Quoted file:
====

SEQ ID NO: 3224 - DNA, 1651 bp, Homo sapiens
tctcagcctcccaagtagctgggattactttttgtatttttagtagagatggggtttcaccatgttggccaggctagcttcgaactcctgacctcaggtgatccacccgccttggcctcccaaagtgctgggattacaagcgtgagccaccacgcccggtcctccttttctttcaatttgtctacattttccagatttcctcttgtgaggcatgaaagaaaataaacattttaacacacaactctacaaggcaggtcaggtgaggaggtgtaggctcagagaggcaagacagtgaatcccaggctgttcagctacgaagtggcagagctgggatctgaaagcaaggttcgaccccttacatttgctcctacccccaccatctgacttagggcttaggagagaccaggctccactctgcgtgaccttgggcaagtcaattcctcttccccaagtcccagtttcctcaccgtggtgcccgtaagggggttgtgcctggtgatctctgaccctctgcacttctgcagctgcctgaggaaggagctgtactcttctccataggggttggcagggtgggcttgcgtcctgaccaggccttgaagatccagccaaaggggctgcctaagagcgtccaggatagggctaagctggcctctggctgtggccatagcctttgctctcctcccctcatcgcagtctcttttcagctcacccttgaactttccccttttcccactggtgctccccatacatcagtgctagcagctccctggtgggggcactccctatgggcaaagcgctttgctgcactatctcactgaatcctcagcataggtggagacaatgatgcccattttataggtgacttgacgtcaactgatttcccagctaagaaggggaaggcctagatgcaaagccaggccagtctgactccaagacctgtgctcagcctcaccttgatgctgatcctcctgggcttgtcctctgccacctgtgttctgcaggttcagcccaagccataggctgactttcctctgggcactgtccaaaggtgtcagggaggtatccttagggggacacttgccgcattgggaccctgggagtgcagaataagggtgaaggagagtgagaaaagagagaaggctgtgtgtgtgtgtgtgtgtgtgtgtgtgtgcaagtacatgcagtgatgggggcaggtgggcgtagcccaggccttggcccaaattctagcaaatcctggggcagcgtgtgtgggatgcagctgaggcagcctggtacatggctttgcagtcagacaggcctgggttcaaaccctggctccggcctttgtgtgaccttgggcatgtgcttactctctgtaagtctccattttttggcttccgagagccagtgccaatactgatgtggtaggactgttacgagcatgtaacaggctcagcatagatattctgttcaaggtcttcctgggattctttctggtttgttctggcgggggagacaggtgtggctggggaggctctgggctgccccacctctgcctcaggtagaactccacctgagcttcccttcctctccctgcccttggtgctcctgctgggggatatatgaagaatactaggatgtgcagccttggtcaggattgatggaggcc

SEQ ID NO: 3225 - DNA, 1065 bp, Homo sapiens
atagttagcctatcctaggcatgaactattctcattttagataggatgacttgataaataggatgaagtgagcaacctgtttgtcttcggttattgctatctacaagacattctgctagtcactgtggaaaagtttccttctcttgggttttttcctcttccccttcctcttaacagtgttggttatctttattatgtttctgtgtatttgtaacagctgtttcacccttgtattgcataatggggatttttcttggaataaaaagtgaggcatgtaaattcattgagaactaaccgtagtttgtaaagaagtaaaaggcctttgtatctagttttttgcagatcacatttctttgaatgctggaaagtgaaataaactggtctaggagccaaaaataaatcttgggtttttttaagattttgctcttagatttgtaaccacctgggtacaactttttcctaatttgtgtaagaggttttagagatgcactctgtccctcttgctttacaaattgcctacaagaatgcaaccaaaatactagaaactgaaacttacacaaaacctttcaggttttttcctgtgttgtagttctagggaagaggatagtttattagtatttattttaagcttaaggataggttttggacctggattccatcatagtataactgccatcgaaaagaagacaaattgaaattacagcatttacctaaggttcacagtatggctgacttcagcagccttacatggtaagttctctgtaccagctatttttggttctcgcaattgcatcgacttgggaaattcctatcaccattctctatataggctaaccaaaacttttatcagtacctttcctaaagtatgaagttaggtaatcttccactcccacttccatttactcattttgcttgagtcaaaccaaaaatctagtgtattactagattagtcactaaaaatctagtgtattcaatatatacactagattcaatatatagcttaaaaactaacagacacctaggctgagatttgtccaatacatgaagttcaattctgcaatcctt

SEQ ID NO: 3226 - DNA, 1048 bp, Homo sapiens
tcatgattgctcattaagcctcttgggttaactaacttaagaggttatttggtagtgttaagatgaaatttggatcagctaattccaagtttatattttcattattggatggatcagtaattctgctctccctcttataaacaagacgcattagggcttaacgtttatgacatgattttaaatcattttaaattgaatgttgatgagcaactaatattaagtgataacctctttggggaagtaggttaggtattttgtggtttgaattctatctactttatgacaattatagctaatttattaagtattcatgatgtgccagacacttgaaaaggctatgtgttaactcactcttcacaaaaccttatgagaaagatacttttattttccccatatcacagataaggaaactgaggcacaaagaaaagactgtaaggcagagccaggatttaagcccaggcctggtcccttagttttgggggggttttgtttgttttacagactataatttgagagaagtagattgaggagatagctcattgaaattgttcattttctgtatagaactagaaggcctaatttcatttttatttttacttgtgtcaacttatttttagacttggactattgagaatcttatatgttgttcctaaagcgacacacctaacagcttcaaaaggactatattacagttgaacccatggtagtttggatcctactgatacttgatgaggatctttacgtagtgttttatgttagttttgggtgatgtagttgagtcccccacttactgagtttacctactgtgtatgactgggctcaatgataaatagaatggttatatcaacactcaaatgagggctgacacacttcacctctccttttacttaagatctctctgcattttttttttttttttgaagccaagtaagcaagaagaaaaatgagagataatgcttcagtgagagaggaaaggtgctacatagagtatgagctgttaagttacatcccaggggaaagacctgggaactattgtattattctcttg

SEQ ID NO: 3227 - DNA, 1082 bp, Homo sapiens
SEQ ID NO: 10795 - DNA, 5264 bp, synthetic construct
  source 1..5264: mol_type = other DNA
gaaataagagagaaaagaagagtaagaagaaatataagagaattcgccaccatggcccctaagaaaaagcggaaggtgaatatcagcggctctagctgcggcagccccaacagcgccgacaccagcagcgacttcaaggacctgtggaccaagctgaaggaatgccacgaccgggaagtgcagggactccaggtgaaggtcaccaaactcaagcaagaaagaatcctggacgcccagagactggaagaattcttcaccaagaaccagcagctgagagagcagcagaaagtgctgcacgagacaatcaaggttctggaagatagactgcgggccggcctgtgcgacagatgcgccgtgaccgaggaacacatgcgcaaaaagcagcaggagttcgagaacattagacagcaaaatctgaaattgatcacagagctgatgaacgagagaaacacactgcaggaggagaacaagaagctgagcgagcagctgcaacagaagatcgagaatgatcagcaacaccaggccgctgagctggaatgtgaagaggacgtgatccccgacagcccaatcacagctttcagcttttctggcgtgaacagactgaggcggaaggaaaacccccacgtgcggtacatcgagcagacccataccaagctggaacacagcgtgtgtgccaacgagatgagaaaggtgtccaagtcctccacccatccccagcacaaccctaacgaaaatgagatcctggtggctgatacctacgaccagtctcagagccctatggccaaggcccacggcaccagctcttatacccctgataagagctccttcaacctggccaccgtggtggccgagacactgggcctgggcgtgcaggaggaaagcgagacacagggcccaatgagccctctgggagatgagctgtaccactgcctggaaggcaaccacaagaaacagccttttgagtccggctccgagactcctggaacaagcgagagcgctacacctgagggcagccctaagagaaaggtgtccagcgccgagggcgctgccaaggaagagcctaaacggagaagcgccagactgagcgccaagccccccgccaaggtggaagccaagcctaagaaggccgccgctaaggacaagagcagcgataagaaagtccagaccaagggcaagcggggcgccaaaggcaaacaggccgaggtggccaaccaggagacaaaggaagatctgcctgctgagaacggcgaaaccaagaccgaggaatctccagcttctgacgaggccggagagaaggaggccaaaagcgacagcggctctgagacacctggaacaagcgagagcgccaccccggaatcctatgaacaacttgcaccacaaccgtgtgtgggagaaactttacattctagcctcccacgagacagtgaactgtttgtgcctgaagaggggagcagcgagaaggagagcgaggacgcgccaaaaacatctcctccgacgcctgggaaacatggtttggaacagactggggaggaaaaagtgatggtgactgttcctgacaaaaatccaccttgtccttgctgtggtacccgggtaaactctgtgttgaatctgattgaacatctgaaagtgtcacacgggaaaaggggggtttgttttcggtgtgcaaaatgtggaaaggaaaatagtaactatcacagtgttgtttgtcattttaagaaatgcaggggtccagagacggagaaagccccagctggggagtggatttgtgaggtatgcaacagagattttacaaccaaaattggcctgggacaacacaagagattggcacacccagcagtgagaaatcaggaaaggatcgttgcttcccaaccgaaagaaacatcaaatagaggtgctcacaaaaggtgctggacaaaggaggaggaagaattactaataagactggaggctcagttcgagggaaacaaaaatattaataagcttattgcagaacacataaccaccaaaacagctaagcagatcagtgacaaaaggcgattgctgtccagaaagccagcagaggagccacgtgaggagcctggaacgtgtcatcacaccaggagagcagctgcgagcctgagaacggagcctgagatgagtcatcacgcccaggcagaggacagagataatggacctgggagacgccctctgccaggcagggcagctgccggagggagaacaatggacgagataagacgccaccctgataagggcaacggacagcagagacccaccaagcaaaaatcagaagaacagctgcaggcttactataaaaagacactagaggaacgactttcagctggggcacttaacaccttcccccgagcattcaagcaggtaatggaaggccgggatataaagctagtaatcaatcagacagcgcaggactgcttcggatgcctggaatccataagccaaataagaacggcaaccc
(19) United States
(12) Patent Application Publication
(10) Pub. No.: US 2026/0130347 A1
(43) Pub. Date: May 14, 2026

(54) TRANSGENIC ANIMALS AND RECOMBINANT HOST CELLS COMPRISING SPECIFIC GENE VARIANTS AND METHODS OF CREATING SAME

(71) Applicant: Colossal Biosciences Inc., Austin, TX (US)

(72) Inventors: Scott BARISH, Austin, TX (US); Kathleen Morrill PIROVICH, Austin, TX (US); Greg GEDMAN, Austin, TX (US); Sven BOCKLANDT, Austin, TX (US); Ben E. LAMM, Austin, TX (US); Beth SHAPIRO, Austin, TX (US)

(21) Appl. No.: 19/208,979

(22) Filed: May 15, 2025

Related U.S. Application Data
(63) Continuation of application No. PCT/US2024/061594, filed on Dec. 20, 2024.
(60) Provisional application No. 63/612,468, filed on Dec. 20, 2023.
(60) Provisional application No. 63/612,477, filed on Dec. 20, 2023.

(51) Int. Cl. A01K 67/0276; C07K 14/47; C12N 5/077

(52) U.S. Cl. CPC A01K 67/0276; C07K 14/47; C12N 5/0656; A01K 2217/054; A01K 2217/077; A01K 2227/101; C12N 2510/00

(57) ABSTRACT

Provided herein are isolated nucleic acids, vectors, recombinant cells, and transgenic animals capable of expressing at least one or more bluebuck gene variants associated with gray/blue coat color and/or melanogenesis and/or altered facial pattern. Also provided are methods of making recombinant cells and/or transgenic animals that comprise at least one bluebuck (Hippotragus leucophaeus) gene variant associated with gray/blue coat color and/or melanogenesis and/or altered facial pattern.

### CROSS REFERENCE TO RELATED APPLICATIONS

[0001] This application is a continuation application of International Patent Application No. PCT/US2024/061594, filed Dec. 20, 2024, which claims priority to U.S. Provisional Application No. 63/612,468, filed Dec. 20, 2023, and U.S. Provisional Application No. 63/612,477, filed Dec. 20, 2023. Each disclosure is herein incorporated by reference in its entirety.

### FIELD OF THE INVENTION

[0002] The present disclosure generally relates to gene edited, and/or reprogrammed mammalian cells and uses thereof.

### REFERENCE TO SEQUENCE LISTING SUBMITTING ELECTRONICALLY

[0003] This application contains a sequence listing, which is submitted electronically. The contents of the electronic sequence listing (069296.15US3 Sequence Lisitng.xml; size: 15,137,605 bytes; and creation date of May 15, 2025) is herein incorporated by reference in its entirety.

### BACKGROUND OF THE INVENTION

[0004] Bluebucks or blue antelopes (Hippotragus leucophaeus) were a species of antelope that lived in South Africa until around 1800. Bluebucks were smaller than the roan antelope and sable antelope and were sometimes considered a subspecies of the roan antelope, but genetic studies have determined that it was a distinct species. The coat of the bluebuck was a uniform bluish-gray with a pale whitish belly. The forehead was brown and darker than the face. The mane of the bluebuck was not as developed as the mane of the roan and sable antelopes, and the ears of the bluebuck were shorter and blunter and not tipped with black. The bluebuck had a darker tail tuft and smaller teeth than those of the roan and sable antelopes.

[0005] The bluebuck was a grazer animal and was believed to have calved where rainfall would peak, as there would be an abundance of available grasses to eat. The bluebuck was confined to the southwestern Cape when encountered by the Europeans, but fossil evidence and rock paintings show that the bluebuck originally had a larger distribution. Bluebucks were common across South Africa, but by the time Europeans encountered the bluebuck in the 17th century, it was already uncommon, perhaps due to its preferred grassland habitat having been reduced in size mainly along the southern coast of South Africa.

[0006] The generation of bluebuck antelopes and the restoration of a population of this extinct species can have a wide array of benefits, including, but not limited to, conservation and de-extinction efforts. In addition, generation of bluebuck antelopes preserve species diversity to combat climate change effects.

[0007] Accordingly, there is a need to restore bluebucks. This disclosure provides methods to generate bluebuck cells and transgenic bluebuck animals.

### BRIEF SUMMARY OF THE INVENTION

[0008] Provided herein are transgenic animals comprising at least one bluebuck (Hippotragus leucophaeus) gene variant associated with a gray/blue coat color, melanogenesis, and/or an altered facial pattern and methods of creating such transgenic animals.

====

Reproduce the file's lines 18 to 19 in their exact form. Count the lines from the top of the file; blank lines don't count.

(21) Appl. No.: 19/208,979

(22) Filed: May 15, 2025